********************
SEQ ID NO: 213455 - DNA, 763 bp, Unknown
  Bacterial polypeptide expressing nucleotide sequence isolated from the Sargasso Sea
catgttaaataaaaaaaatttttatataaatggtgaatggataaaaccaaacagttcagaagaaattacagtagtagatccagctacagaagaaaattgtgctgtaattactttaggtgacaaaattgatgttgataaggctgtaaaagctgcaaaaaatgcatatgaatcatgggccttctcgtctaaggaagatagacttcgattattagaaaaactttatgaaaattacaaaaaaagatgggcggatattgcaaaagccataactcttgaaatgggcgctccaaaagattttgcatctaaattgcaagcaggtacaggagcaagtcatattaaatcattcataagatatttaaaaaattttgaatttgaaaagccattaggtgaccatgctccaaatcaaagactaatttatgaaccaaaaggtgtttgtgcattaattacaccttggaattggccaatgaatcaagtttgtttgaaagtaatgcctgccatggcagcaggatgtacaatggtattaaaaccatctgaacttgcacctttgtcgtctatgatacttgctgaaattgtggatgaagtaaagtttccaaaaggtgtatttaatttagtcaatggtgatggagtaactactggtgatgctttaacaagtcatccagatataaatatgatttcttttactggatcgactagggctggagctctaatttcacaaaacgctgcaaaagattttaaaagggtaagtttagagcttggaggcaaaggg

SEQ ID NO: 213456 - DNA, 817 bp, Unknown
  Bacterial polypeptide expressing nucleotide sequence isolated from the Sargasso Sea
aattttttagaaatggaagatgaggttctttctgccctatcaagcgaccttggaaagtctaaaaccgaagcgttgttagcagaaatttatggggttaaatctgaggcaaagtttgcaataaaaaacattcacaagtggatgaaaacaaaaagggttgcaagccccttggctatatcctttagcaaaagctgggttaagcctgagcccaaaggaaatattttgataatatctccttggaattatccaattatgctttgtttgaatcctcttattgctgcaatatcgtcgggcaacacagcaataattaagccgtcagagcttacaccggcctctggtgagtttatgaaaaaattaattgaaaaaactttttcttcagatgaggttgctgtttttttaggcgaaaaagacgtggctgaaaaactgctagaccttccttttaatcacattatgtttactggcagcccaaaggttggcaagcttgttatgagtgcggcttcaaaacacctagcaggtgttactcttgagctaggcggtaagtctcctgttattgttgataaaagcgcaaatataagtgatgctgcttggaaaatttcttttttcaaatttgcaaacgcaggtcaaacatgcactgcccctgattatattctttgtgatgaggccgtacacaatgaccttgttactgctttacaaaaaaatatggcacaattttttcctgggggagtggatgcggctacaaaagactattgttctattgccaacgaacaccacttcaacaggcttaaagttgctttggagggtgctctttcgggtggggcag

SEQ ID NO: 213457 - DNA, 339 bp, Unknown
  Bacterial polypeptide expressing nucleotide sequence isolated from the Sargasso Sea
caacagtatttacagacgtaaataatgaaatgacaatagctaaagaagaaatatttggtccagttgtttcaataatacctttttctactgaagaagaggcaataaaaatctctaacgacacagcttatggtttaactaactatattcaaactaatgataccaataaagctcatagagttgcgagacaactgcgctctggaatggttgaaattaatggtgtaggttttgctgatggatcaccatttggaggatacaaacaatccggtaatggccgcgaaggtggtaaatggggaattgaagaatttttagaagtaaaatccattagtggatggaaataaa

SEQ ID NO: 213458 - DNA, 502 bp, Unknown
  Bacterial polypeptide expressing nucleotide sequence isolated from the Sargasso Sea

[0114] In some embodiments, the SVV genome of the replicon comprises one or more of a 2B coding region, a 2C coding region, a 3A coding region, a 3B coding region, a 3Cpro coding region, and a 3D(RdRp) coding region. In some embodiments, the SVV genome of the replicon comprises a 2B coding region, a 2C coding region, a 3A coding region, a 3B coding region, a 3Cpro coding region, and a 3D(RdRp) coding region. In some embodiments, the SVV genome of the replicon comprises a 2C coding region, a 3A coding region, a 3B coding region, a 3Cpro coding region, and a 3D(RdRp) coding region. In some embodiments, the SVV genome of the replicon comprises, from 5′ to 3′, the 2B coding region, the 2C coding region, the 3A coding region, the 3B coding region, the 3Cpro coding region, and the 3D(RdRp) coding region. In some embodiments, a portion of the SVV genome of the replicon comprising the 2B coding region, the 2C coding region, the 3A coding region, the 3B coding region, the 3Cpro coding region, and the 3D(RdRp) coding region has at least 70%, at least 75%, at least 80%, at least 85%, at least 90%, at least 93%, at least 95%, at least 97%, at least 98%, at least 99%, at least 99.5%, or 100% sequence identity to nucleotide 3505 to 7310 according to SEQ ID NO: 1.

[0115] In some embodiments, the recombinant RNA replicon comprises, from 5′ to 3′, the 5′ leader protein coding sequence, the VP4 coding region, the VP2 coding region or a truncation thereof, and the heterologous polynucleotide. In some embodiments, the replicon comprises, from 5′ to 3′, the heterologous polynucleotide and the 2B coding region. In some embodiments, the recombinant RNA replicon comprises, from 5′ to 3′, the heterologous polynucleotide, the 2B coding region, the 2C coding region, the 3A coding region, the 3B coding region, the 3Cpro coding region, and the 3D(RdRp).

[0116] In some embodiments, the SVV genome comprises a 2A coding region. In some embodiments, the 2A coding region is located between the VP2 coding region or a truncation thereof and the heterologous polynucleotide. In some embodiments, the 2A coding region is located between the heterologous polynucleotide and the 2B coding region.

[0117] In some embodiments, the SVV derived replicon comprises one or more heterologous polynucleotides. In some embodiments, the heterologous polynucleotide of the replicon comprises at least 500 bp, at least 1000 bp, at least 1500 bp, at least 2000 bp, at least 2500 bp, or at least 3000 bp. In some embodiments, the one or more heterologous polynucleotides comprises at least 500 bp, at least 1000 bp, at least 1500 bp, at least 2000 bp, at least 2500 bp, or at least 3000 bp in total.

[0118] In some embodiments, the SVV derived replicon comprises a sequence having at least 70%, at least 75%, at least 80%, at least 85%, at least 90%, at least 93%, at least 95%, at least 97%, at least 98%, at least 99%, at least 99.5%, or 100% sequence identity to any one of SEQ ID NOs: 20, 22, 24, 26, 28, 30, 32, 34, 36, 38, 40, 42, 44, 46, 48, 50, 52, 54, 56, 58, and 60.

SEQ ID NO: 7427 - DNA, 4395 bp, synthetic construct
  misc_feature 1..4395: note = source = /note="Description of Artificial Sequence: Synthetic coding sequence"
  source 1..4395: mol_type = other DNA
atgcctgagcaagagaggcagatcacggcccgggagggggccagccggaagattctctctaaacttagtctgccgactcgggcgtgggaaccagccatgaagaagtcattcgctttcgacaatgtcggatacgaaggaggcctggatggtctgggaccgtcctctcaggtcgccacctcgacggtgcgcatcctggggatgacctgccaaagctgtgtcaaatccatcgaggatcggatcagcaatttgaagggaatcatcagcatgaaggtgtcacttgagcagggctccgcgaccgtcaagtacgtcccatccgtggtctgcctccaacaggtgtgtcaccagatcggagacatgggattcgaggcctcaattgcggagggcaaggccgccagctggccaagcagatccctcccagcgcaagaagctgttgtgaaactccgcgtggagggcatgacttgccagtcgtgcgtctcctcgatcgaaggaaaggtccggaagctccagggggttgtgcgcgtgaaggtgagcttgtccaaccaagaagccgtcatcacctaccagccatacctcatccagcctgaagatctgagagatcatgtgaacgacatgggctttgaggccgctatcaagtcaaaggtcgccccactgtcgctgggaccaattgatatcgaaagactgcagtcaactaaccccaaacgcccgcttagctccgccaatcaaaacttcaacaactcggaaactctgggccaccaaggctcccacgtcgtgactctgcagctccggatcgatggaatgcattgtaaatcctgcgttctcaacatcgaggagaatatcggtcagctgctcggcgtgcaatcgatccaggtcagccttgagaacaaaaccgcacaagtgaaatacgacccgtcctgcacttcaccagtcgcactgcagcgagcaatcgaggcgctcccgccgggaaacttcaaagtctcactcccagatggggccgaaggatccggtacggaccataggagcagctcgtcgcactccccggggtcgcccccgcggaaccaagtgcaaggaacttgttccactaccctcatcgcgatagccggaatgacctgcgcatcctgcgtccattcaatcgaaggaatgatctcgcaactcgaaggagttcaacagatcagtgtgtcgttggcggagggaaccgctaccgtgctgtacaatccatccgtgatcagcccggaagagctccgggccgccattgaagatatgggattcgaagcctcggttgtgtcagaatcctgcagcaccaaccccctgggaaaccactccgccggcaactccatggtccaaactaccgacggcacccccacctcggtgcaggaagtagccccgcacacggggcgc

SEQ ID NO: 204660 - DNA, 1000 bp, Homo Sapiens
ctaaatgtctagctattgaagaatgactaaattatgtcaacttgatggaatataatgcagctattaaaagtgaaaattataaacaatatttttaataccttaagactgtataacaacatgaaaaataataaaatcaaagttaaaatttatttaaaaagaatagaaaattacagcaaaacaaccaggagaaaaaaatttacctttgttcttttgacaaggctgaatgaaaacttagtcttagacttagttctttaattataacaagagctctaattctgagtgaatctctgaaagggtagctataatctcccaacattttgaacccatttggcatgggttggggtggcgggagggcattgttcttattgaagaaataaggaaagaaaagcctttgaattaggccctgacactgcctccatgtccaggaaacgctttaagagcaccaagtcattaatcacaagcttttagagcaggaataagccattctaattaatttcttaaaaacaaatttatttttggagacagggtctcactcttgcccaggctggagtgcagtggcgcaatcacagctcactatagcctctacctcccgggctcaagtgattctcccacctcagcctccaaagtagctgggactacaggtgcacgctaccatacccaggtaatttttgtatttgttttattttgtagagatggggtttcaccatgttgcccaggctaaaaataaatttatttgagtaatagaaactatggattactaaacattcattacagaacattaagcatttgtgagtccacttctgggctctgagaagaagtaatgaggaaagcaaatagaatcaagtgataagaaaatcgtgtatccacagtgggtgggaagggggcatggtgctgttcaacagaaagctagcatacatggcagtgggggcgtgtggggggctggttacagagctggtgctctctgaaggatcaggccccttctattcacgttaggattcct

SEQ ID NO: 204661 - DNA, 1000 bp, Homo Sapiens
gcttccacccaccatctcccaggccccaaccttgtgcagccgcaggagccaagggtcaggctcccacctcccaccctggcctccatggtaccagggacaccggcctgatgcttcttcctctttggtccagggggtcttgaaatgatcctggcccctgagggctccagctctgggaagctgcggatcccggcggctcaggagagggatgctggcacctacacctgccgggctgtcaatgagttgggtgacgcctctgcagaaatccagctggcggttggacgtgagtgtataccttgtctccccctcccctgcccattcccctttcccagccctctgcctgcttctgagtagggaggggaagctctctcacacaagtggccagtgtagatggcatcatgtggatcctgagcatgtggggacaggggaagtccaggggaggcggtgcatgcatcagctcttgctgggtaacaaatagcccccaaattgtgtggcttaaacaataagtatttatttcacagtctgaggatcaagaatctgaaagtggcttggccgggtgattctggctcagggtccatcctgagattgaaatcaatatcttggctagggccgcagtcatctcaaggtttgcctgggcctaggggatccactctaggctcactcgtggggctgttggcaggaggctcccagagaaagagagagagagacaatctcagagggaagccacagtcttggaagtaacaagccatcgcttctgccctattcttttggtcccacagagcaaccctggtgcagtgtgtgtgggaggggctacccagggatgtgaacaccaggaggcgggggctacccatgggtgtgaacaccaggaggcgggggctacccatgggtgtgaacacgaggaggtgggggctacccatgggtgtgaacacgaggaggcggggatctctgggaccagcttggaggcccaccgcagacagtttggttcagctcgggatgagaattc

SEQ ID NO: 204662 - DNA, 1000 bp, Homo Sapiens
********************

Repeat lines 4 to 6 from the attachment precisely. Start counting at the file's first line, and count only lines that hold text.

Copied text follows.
SEQ ID NO: 213456 - DNA, 817 bp, Unknown
  Bacterial polypeptide expressing nucleotide sequence isolated from the Sargasso Sea
aattttttagaaatggaagatgaggttctttctgccctatcaagcgaccttggaaagtctaaaaccgaagcgttgttagcagaaatttatggggttaaatctgaggcaaagtttgcaataaaaaacattcacaagtggatgaaaacaaaaagggttgcaagccccttggctatatcctttagcaaaagctgggttaagcctgagcccaaaggaaatattttgataatatctccttggaattatccaattatgctttgtttgaatcctcttattgctgcaatatcgtcgggcaacacagcaataattaagccgtcagagcttacaccggcctctggtgagtttatgaaaaaattaattgaaaaaactttttcttcagatgaggttgctgtttttttaggcgaaaaagacgtggctgaaaaactgctagaccttccttttaatcacattatgtttactggcagcccaaaggttggcaagcttgttatgagtgcggcttcaaaacacctagcaggtgttactcttgagctaggcggtaagtctcctgttattgttgataaaagcgcaaatataagtgatgctgcttggaaaatttcttttttcaaatttgcaaacgcaggtcaaacatgcactgcccctgattatattctttgtgatgaggccgtacacaatgaccttgttactgctttacaaaaaaatatggcacaattttttcctgggggagtggatgcggctacaaaagactattgttctattgccaacgaacaccacttcaacaggcttaaagttgctttggagggtgctctttcgggtggggcag